Sep 062012

I hadn’t planned to post anything else today, but I just read something that’s so wise and so vividly expressed that I just have to pimp it.

It’s an article that just appeared at Metal Sucks by Eyal Levi, guitarist and co-writer of Dååth, co-creator of the wonderful Avalanche of Worms by Levi/Werstler, and a talented record producer with Audiohammer Studios (founded by Jason Suecof). The subject of the piece is creativity and inspiration, and how to deal with the unfortunate reality that inspiration can’t be summoned on demand.

In a nutshell, his messages are as follows: Understand and accept that no one can be creatively inspired 100% of the time — and don’t let the low points throw you; but also understand that creativity behaves like a muscle, and the more you work at it, the more natural it will become to achieve a creative state. This requires you to work hard, to force yourself to create even when the inspiration has deserted you, rather than to sit around and wait for that “elusive fucker” to show up again in its own good time. He writes:

“Treat inspiration like the bitch that it is. Move forward with or without it and you will find that it will tag along more often than not.  If you are in the habit of flexing that creative muscle as often as possible your ruts will be of shorter duration. Your next great idea will be that much closer.”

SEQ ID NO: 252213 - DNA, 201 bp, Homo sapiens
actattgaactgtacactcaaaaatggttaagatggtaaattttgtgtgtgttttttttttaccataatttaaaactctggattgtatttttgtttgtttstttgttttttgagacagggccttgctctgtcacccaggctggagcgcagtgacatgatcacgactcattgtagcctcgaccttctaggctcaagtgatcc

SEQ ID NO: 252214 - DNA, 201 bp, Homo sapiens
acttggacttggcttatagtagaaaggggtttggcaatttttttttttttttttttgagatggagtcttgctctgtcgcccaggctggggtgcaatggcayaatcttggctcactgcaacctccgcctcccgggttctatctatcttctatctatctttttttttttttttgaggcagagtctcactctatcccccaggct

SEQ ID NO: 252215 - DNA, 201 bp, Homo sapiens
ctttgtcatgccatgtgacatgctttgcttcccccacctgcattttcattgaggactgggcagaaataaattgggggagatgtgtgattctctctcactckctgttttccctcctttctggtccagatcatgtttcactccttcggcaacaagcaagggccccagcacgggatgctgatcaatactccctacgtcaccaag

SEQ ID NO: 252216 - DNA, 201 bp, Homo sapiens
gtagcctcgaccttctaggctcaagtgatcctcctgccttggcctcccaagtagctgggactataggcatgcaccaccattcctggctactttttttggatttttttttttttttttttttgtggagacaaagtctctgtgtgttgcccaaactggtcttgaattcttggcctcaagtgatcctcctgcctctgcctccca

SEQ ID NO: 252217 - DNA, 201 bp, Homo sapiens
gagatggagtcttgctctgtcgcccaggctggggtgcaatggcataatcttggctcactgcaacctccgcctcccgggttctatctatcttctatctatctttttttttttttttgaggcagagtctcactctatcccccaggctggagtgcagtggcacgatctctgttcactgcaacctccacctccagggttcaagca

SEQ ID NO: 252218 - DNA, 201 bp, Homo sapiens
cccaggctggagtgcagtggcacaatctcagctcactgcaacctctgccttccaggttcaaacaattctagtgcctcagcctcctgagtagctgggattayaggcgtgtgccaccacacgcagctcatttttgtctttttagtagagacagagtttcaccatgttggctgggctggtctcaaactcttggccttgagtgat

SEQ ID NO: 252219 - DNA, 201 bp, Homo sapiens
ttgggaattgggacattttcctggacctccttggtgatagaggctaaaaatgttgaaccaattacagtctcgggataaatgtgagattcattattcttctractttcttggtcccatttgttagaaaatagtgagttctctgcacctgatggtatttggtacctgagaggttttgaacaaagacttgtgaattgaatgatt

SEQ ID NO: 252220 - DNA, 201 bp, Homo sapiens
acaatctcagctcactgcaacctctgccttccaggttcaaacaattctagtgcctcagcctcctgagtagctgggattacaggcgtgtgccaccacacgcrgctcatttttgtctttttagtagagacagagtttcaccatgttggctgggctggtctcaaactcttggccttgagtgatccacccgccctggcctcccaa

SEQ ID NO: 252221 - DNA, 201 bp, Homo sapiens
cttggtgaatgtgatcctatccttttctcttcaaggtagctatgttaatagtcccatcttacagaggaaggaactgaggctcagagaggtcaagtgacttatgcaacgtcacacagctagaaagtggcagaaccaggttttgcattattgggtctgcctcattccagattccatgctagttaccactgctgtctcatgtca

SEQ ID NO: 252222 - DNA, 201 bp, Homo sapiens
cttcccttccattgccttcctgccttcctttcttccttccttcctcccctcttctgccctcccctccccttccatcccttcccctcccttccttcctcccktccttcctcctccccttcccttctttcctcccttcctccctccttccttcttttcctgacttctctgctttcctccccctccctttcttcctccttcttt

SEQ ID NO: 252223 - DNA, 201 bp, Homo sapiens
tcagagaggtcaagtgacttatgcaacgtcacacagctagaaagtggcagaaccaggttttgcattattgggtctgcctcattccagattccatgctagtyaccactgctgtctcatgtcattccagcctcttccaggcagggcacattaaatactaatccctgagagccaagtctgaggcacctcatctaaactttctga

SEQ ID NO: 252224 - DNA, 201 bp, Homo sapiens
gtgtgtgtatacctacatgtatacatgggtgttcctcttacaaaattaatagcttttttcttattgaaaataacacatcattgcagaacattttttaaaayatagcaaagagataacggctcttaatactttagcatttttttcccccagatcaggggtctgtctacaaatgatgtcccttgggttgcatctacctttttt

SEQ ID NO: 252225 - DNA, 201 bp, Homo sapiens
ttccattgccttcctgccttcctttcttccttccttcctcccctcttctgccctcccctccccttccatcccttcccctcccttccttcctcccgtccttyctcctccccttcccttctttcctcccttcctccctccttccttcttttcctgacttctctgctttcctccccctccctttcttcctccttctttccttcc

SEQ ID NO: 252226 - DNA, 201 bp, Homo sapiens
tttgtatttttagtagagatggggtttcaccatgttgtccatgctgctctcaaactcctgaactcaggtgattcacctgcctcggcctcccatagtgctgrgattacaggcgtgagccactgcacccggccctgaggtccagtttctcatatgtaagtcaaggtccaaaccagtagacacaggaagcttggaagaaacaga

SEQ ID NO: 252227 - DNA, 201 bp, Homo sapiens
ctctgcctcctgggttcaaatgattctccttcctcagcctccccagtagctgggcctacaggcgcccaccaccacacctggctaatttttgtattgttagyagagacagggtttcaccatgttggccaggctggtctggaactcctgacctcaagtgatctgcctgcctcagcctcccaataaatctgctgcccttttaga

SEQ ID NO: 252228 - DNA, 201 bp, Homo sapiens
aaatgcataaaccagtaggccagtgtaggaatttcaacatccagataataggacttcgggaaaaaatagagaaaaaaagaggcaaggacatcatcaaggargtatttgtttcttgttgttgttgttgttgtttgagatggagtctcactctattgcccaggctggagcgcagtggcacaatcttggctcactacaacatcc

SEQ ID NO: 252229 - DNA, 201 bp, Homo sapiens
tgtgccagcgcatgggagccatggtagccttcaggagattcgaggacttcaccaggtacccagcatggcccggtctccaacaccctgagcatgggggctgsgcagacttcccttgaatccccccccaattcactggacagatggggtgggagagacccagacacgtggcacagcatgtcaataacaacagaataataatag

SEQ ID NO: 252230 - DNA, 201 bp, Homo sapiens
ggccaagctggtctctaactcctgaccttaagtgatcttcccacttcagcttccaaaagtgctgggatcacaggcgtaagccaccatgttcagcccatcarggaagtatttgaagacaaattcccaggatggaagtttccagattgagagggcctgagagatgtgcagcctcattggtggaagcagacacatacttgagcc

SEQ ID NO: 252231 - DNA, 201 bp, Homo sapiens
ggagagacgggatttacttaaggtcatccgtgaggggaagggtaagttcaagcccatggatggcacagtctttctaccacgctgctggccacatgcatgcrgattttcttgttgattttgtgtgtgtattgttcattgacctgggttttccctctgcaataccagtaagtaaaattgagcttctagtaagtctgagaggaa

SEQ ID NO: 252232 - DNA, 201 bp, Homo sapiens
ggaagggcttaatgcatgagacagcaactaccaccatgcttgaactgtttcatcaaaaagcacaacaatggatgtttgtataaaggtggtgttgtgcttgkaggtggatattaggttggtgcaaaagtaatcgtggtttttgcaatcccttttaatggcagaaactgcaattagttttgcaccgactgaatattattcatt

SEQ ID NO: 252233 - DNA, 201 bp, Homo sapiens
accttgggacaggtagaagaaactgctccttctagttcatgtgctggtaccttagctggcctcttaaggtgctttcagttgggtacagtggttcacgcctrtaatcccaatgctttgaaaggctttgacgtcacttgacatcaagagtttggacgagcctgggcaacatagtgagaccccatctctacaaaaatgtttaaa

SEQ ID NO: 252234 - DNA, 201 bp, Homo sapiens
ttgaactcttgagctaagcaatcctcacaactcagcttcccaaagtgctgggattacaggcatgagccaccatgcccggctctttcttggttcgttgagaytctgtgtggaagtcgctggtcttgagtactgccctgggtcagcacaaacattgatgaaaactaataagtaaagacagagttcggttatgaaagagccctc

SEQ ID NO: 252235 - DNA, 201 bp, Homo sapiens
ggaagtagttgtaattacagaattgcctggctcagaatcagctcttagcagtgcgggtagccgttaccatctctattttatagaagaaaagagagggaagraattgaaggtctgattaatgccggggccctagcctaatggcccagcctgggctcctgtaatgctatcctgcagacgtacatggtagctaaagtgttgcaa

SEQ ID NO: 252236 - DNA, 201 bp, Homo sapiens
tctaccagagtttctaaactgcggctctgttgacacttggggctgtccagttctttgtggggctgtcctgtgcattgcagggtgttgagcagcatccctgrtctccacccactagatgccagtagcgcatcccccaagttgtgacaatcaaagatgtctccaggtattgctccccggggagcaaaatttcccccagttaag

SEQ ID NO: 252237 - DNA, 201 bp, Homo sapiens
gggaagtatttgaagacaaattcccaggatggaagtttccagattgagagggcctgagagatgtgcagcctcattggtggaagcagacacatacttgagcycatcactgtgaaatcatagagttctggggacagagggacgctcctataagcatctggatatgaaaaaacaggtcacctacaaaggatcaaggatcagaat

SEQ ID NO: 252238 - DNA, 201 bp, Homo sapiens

Levi writes primarily (though not exclusively) from the perspective of a songwriter and musician. I am neither, but I think his observations are just as valid when it comes to writing, or for that matter any other form of creative endeavor. What he says certainly fits my own experiences and my own observations of successful creative people I’ve known in my life. They are messages worth taking to heart.

It may seem counterintuitive to some, but I agree with Levi not only that creativity requires hard work, but also that by persisting in attempting to create even when your muse has deserted you, you will eventually find that the muse becomes your companion more often. It’s true that you still can’t summon inspiration on demand, but it’s also true that simply waiting for inspiration to strike is a losing strategy. By forging ahead even when you least feel like it, and by trying to do that consistently, you can help inspiration strike more often, strange as that may seem.

But Levi says all this, and more, much better than I can say it. I recommend you go HERE and read it for yourselves. It’s inspirational.



  1. I like what he said, but those graphs…it was like a creationist trying to explain why evolution can’t POSSIBLY BE TRUE!! BECAUSE…. EYESSSS!!!

    Most of the great writers made it a habit of writing everyday. Some set a goal of a certain number of words or a certain number of pages. (On the other hand, James Joyce was happy writing three sentences a day. But I think he might have been a bit not sane.)

    The point being that, like Levi says, inspiration is not to be waited on. You have to out with an elephant rifle, shoot it in the head, and drag the carcass back to your bedroom for some good necrophilia loving.

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